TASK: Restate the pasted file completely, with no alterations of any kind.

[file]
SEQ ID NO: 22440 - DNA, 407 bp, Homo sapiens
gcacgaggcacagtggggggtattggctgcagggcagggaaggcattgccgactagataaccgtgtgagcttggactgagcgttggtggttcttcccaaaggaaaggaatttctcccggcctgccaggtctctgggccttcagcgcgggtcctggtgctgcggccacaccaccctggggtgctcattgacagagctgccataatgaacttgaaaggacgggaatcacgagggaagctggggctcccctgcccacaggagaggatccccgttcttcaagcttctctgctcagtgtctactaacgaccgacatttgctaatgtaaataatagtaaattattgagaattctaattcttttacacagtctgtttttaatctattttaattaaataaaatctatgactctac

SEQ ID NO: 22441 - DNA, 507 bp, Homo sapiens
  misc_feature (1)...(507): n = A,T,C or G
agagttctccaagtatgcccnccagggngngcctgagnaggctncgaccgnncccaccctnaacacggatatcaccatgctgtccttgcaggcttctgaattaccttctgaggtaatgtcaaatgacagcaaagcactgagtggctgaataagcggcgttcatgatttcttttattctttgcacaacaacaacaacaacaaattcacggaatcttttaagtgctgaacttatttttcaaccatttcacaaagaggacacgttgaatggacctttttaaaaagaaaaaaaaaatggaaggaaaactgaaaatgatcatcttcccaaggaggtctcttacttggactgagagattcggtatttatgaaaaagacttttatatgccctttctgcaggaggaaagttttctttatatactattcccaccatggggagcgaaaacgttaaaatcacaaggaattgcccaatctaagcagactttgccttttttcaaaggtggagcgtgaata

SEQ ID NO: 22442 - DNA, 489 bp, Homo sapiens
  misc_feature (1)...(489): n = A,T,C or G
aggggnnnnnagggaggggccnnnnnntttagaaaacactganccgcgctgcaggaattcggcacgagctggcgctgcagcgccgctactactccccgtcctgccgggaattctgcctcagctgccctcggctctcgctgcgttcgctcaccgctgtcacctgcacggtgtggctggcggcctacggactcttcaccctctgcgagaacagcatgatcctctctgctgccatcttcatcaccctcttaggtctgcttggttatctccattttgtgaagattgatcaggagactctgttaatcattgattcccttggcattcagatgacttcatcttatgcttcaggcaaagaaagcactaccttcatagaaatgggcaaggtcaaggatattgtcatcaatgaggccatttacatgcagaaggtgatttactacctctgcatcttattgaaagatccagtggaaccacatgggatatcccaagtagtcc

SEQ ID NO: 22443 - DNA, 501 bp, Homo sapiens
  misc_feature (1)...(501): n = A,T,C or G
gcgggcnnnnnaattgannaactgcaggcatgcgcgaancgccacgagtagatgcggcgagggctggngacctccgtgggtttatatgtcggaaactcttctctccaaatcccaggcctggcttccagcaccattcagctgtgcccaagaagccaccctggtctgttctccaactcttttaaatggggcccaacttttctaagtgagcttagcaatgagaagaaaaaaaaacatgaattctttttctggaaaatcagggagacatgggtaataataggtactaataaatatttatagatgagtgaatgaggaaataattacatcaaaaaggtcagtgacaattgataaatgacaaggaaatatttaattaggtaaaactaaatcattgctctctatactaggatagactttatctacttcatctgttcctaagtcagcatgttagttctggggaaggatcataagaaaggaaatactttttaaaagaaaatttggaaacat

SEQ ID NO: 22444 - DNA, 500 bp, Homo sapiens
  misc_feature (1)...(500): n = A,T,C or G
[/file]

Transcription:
SEQ ID NO: 22440 - DNA, 407 bp, Homo sapiens
gcacgaggcacagtggggggtattggctgcagggcagggaaggcattgccgactagataaccgtgtgagcttggactgagcgttggtggttcttcccaaaggaaaggaatttctcccggcctgccaggtctctgggccttcagcgcgggtcctggtgctgcggccacaccaccctggggtgctcattgacagagctgccataatgaacttgaaaggacgggaatcacgagggaagctggggctcccctgcccacaggagaggatccccgttcttcaagcttctctgctcagtgtctactaacgaccgacatttgctaatgtaaataatagtaaattattgagaattctaattcttttacacagtctgtttttaatctattttaattaaataaaatctatgactctac

SEQ ID NO: 22441 - DNA, 507 bp, Homo sapiens
  misc_feature (1)...(507): n = A,T,C or G
agagttctccaagtatgcccnccagggngngcctgagnaggctncgaccgnncccaccctnaacacggatatcaccatgctgtccttgcaggcttctgaattaccttctgaggtaatgtcaaatgacagcaaagcactgagtggctgaataagcggcgttcatgatttcttttattctttgcacaacaacaacaacaacaaattcacggaatcttttaagtgctgaacttatttttcaaccatttcacaaagaggacacgttgaatggacctttttaaaaagaaaaaaaaaatggaaggaaaactgaaaatgatcatcttcccaaggaggtctcttacttggactgagagattcggtatttatgaaaaagacttttatatgccctttctgcaggaggaaagttttctttatatactattcccaccatggggagcgaaaacgttaaaatcacaaggaattgcccaatctaagcagactttgccttttttcaaaggtggagcgtgaata

SEQ ID NO: 22442 - DNA, 489 bp, Homo sapiens
  misc_feature (1)...(489): n = A,T,C or G
aggggnnnnnagggaggggccnnnnnntttagaaaacactganccgcgctgcaggaattcggcacgagctggcgctgcagcgccgctactactccccgtcctgccgggaattctgcctcagctgccctcggctctcgctgcgttcgctcaccgctgtcacctgcacggtgtggctggcggcctacggactcttcaccctctgcgagaacagcatgatcctctctgctgccatcttcatcaccctcttaggtctgcttggttatctccattttgtgaagattgatcaggagactctgttaatcattgattcccttggcattcagatgacttcatcttatgcttcaggcaaagaaagcactaccttcatagaaatgggcaaggtcaaggatattgtcatcaatgaggccatttacatgcagaaggtgatttactacctctgcatcttattgaaagatccagtggaaccacatgggatatcccaagtagtcc

SEQ ID NO: 22443 - DNA, 501 bp, Homo sapiens
  misc_feature (1)...(501): n = A,T,C or G
gcgggcnnnnnaattgannaactgcaggcatgcgcgaancgccacgagtagatgcggcgagggctggngacctccgtgggtttatatgtcggaaactcttctctccaaatcccaggcctggcttccagcaccattcagctgtgcccaagaagccaccctggtctgttctccaactcttttaaatggggcccaacttttctaagtgagcttagcaatgagaagaaaaaaaaacatgaattctttttctggaaaatcagggagacatgggtaataataggtactaataaatatttatagatgagtgaatgaggaaataattacatcaaaaaggtcagtgacaattgataaatgacaaggaaatatttaattaggtaaaactaaatcattgctctctatactaggatagactttatctacttcatctgttcctaagtcagcatgttagttctggggaaggatcataagaaaggaaatactttttaaaagaaaatttggaaacat

SEQ ID NO: 22444 - DNA, 500 bp, Homo sapiens
  misc_feature (1)...(500): n = A,T,C or G